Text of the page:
MPs hear fierce attack on high price of CDs: Record companies have been put under renewed pressure as a select committee is addressed by pop managers. David Lister reports

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THE campaign to force record companies and retailers to lower the price of compact discs gathered momentum yesterday when the managers of two of Britain's most successful bands told MPs that the price should drop by up to pounds 2.

With leading record company executives looking shell-shocked at the back of the committee room, the managers of Dire Straits and Simply Red accused the big multinational companies of being inefficient and charging well above the market rate for the design and packaging of CDs.

Committee room 15, where the National Heritage Select Committee began its inquiry into CD pricing, was predictably a scene of culture conflict. 'I wouldn't actually buy a Dire Straits' CD,' John Maxton MP said to the band's manager, Ed Bicknell. 'It's OK, I'll give you one,' Mr Bicknell said. 'I wouldn't take it,' replied Mr Maxton.

But he did, he said, buy Billie Holiday and couldn't understand why he had to pay the full CD price, which currently ranges between pounds 12 and pounds 15, as there were no artists or production costs to pay, only the transfer of the music from vinyl.

Mr Bicknell pointed out that record companies justifiably used back-catalogue artists to subsidise present-day acts. But he agreed with the general point, saying: 'The record industry has managed to sell the same goods twice. It's brilliant. And they have sold it more expensive the second time. I think the record companies could afford to reduce their prices by pounds 1 to pounds 2.'

Elliott Rashman, manager of Simply Red, believed that reducing the price would increase sales. He said: 'The CD format has reached 51 per cent market penetration after eight years. Vinyl had 90 per cent. Now vinyl is being phased out. You can no longer buy Simply Red on vinyl. But people are not rushing out to buy CDs. That's a sobering fact.'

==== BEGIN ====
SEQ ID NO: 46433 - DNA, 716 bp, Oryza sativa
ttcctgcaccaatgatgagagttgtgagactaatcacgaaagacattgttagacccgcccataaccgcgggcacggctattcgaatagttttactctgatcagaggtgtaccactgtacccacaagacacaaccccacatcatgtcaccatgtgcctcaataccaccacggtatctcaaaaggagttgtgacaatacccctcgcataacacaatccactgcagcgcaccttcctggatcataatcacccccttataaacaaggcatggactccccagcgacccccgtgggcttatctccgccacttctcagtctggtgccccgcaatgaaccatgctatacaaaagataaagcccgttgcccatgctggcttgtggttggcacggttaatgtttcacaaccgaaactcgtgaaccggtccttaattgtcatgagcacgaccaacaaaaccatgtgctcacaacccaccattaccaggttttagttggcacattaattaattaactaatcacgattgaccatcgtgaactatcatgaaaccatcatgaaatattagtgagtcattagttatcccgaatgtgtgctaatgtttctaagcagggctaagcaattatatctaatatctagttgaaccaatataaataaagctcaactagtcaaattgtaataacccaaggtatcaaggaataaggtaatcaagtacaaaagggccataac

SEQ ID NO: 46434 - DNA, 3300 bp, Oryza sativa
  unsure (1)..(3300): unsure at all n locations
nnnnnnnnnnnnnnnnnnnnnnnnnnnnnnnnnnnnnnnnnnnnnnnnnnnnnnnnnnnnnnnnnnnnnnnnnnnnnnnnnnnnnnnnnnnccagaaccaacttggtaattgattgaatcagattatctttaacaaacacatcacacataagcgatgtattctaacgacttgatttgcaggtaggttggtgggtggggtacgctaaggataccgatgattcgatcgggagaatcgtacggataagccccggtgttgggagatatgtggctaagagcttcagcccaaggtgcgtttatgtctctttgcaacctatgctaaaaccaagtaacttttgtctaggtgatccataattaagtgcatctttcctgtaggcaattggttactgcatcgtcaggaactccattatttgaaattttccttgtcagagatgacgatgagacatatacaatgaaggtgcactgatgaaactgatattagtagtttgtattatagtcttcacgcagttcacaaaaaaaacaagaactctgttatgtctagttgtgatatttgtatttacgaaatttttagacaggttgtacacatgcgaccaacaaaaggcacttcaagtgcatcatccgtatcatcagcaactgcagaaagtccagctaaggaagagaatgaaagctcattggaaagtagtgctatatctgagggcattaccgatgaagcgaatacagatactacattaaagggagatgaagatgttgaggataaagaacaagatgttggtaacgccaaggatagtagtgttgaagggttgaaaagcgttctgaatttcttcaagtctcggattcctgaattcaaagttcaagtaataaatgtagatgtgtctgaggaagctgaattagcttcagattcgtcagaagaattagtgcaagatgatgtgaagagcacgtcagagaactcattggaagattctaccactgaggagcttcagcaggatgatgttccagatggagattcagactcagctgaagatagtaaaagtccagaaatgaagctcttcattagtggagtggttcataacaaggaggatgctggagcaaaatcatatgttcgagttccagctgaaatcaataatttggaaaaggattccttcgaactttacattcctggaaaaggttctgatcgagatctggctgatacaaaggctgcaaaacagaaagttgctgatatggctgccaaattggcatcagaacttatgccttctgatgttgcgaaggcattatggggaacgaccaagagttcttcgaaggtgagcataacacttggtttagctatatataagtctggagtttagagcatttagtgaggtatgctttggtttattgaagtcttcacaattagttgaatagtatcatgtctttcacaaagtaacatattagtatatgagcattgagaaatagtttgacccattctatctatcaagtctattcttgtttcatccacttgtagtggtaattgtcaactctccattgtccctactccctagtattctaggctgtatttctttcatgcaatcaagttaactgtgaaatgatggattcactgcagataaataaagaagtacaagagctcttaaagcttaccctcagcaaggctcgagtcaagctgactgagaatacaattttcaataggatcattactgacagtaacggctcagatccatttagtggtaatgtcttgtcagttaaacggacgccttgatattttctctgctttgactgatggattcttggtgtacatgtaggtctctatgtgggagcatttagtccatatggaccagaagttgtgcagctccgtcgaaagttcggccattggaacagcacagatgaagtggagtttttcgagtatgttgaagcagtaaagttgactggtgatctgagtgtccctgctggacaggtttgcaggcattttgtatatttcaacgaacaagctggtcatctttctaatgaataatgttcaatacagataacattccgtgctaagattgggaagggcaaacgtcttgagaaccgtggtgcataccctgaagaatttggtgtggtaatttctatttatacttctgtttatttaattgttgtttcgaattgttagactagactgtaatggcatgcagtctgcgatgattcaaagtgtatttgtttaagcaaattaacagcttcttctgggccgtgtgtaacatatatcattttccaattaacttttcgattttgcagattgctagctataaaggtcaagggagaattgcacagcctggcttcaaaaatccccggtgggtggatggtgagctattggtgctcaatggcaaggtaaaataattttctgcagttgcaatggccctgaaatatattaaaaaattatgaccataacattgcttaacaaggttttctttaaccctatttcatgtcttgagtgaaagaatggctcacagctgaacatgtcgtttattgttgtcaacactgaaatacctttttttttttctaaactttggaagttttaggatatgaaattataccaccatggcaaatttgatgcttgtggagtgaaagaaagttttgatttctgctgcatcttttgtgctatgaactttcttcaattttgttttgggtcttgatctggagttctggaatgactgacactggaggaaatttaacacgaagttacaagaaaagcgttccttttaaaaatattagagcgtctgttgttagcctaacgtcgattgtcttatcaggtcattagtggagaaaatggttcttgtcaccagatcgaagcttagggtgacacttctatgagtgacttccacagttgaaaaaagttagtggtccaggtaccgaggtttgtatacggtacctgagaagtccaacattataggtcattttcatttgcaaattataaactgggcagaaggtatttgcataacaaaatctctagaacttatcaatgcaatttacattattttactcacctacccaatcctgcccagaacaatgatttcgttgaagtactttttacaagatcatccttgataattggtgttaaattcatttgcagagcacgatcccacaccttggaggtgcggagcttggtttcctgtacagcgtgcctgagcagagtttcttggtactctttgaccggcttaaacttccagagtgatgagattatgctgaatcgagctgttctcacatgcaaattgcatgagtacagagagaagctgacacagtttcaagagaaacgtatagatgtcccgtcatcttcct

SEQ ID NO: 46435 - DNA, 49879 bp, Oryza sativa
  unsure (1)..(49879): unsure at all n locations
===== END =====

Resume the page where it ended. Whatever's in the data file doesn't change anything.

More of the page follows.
The artists, Mr Bicknell said, would lose money if the price came down. 'But we would hope that if prices came down, turnover would increase. The British phonographic industry (which represents the record companies) say they don't believe it would increase. But I find that surprising as they run mid-price labels.'

The profits were going back to service debts of the big multinational companies, Mr Rashman said - in the case of Time Warner, going to America to service a billion-dollar debt.

He challenged BPI figures on both artist royalties and the cost of design and packaging. 'The pounds 1.32 figure for an artist royalty is patently wrong,' he said. 'Only artists like Michael Jackson and Paul McCartney receive that sort of royalty. If CD prices come down, Simply Red will make less money. We're prepared to accept that because more people will have access to a populist art. The music industry never asks the artists or the public about price. They aren't accountable to anyone. Where did the original price of a CD come from in 1985? No one asked then. Even now, there's a new format called digital compact cassette. Manufacture costs are less than a normal cassette. But it costs pounds 6 more to buy. Why?'

Warming to his theme, Mr Rashman said that record company contracts with artists were archaic. One company still took off a percentage for breakages of 78s. 'If you get anything out of this,' he said to the committee, 'it will be to look at the way the BPI figures are made up. The BPI quote pounds 1.05 for packaging costs. I had a quote this week from an independent company for 58p. Simply Red's last album sold 3.2 million. Imagine the discount one could have got.'

Next week the committee interrogates representatives of the retail trade; and finally, in two weeks' time, the record companies.

(Photograph omitted)